Farmer


The 2021 IIHF U18 World Hockey Championship opened Monday in Frisco and Plano, Texas, and there was a shocker in the opening draw. . . . F Nikita Chibrikov, Russia’s captain, went end-to-end in OT and scored at 1:25 to give Russia a 7-6 victory over the U.S. Russia had trailed 5-1 in the second period. . . . Lucas Aykroyd has the game story right here. . . .

In the other Group B game on opening day, Czech Republic beat Germany, 3-1. . . . In Group A, Sweden bounced Belarus, 5-1, and Switzerland doubled Latvia, 4-2. . . . Canada plays its first game today when it meets Sweden (TSN, 6 p.m. PT). The other Group A game has Switzerland against Belarus. . . . In Group B, it’s Finland versus Russia and Germany against the U.S.


While the U18 teams began battling it out in Texas, there were three WHL games on Monday night . . .

The Winnipeg Ice scored three third-period goals to beat the Prince Albert WinnipegRaiders, 4-3, in the Regina hub. . . . Winnipeg (17-5-1) has points in six straight (5-0-1). . . . The Raiders are 8-11-4. . . . Prince Albert scored three PP goals to take a 3-1 lead into the third period. . . . F Ozzy Wiesblatt (6) got it started at 11:16 of the first period. . . . F Jackson Leppard (2) pulled the Ice into a tie at 6:36 of the second. . . . The Raiders went up 3-1 on goals from F Spencer Moe (2), at 10:29, and F Justin Nachbaur (6), at 17:07. . . . F Conor Geekie (8) started the Winnipeg comeback at 9:28 of the third and F Zachary Benson (9) tied it, on a PP, at 10:48. . . . D Karter Prosofsky got the winner, his first WHL goal, at 15:20. . . . A second-round pick in the 2018 bantam draft, Prosofsky was playing in his 57th game. . . . Ice F Peyton Krebs drew an assist on the game’s final goal to run his point streak to 22 games. That is a Kootenay/WInnipeg Ice franchise record, breaking the previous record that was set by F Mike Comrie with Kootenay in 2000-01. . . . Winnipeg got 24 saves from G Daniel Hauser, who is 7-0-1, 3.10, .898. He was a sixth-round selection in the 2019 bantam draft. . . .

D Rhett Rhinehart’s OT goal gave the Saskatoon Blades a 5-4 victory over the BladesMoose Jaw Warriors in the Regina hub. . . . The Blades (15-5-3) had lost their previous four games (0-3-1). . . . The Warriors (8-13-3) finished their 24-game schedule by dropping four straight (0-2-2). . . . F Kyle Crnkovic had two goals and two assists for the Blades, with F Colton Dach, who assisted on the winner, scoring once and adding three helpers. . . . Crnkovic, who has 10 goals, gave Saskatoon a 1-0 lead at 3:49 of the first period, with Moose Jaw F Logan Doust (2) equalizing at 7:27. . . . Crnkovic scored a shorthanded goal at 11:24 of the second period for a 2-1 lead, only to have the Warriors tie it on a goal by F Jagger Firkus (6) at 12:02. . . . The Blades broke the tie on goals from Dach (9) and D Chase Wouters (9) at 0:08 and 5:29 of the third. . . . D Daemon Hunt (8), on a PP, and F Calder Anderson (3) scored for the Warriors at 7:02 and 15:43 to get proceedings into OT. . . . Rhinehart won it at 1:27. . . . Despite nine goals, 12 minor penalties and OT, the game took only two hours 12 minutes to complete. . . .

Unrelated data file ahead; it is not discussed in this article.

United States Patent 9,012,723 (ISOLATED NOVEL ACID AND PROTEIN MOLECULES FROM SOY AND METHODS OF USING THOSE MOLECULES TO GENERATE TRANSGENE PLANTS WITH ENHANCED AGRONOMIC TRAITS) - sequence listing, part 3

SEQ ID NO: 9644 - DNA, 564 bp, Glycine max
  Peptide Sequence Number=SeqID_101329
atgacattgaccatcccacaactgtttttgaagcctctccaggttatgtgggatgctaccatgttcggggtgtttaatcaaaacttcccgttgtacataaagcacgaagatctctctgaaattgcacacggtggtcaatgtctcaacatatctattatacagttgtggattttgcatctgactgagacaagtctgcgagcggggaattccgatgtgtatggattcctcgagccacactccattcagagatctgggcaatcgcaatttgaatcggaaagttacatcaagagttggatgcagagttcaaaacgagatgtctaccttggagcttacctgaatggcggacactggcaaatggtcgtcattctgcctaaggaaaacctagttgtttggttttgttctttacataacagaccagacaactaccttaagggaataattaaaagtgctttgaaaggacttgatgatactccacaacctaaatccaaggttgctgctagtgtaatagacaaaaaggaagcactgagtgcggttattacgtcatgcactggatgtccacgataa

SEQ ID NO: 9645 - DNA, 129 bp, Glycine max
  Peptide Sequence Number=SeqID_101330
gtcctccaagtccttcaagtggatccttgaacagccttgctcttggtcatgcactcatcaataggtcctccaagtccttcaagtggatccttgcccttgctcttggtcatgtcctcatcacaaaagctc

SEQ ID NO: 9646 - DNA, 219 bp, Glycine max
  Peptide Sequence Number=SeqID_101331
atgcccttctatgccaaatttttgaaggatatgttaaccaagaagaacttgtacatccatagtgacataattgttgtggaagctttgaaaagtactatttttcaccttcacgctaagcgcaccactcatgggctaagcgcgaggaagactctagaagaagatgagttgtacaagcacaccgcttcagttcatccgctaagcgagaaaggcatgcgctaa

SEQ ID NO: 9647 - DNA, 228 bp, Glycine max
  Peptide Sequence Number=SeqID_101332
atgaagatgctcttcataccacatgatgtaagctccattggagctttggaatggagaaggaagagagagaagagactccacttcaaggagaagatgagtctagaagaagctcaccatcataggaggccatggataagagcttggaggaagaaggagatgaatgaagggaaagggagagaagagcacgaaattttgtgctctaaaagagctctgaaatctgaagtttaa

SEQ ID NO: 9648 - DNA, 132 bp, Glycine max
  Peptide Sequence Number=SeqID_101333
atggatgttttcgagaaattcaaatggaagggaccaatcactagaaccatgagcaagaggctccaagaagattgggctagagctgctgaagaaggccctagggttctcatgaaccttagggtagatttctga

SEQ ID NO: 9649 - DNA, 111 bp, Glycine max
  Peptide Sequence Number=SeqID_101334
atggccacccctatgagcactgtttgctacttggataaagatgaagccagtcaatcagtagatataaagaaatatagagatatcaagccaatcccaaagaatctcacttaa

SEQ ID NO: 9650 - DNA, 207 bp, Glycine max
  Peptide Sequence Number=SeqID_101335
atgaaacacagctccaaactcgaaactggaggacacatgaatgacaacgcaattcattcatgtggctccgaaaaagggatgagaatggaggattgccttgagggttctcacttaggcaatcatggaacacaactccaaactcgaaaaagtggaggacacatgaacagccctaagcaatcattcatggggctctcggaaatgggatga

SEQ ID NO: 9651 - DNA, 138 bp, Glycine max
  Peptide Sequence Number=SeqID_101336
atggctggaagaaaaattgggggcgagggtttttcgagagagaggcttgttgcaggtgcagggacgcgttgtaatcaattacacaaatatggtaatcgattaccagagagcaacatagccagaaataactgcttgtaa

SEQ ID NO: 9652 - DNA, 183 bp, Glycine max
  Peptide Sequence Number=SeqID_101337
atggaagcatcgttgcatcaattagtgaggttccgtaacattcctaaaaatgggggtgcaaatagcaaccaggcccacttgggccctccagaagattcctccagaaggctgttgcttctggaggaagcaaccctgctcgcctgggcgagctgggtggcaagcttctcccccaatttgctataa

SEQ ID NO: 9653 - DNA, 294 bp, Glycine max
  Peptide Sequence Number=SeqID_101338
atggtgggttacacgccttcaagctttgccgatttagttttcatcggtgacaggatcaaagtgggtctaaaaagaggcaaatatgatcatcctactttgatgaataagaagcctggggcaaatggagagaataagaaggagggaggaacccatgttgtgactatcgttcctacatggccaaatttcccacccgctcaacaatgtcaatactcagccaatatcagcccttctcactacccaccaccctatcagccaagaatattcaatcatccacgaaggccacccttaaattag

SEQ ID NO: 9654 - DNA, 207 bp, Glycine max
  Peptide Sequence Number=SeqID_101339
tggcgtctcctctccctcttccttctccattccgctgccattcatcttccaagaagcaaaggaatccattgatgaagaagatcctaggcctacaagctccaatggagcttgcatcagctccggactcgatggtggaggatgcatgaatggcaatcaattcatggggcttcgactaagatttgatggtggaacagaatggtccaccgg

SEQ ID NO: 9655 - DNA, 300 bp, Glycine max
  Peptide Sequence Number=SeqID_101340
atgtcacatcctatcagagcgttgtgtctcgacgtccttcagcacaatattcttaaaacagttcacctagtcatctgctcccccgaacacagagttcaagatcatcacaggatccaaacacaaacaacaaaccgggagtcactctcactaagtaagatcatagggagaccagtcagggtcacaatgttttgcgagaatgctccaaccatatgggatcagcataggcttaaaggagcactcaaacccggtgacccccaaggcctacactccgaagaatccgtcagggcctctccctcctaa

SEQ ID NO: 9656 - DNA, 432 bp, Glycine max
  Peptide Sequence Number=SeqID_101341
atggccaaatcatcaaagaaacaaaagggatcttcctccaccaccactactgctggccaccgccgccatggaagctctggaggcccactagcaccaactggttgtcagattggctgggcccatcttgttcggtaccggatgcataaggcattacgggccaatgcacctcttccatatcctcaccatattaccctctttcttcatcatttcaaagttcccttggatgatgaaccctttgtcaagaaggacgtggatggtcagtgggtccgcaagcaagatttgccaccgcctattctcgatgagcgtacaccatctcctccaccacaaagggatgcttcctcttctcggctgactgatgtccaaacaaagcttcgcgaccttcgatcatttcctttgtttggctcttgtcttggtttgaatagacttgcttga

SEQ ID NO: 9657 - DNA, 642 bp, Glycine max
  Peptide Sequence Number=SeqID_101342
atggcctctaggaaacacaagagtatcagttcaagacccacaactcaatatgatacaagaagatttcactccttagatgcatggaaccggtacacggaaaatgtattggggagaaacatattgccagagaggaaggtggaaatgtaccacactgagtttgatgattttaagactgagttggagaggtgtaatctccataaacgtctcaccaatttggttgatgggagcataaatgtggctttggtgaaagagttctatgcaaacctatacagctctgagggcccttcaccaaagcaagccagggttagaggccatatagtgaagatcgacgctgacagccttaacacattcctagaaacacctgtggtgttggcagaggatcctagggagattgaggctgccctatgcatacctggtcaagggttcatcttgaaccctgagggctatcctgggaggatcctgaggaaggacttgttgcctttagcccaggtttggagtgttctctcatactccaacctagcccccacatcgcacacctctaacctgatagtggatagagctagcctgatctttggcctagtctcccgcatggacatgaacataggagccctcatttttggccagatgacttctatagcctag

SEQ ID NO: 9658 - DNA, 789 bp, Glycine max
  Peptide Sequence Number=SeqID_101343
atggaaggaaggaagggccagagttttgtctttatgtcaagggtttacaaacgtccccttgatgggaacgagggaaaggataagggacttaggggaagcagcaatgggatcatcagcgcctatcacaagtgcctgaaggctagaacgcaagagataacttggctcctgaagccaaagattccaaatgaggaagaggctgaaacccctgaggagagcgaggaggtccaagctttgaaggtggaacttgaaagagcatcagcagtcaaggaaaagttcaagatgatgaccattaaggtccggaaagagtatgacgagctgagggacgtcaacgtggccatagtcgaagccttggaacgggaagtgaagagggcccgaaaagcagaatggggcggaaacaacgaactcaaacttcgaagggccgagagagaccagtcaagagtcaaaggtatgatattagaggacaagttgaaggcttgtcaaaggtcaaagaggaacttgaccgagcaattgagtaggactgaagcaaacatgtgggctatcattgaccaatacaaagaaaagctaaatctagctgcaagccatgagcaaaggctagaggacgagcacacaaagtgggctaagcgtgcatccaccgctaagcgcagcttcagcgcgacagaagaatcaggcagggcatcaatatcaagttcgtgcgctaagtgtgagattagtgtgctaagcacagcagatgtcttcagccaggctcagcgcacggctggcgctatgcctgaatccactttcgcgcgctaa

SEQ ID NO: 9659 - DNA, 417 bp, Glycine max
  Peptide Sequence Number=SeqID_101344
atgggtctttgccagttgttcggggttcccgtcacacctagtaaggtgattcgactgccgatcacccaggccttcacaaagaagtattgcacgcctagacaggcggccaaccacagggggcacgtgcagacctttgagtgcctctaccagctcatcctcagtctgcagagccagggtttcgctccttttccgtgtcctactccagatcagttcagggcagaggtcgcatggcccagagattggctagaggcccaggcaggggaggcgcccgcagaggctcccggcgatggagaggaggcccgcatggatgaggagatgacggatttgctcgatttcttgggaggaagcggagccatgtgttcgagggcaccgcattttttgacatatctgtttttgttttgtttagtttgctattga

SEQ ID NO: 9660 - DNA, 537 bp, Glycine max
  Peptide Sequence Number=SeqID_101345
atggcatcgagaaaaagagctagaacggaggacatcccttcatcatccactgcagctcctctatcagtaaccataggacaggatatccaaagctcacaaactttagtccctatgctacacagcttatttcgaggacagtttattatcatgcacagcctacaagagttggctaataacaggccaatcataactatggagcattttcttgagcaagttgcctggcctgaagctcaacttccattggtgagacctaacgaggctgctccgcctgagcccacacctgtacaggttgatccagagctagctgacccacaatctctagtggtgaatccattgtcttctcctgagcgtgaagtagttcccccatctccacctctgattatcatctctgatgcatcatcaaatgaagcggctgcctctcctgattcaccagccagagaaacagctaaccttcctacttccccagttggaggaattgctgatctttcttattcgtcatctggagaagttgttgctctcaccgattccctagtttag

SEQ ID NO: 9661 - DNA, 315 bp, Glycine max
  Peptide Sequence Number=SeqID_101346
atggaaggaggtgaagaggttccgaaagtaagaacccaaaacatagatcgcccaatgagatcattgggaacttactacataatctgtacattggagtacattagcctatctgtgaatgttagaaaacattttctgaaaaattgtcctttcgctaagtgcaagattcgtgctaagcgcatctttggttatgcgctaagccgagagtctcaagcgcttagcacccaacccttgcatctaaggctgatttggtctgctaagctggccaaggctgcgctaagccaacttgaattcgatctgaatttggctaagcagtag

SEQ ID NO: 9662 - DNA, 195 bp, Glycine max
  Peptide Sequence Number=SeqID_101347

In Kamloops, the Prince George Cougars opened a 3-0 lead en route to a 4-1 PGvictory over the Victoria Royals. . . . The Cougars (5-7-2) had lost its previous four games. . . . The Royals (1-12-1) have dropped nine in a row. . . . F Kyren Gronick (5) and F Ethan Browne (4), on a PP, scored first-period goals for the Cougars, with F Jonny Hooker (6) making it 3-0 at 11:11 of the second. . . . F Trentyn Crane (2) got the Royals on the board at 5:44 of the third period but F Craig Armstrong (6) got that one back for Prince George at 7:30. . . . G Taylor Gauthier stopped 25 shots for the Cougars. . . . Ryan Spizawka made his WHL debut with the Royals, joining his twin brother, Jason, in the lineup. The brothers, from Victoria, are defencemen. Jason, the 19th overall pick in the 2019 bantam draft, has three assists in 12 games. Ryan was a seventh-round selection in that draft. . . . According to Cleve Dheensaw of the Victoria Times Colonist, they are the “fourth set of identical twins” to play on the same WHL team. Dheensaw writes: “Jeremy and Josh Schappert skated with the Seattle Thunderbirds from 2005 to 2007, future NHLers Ron and Rich Sutter with the Lethbridge Broncos from 1980 to 1983, and Ted and Brent McAneeley with the Edmonton Oil Kings from 1968 to 1970.”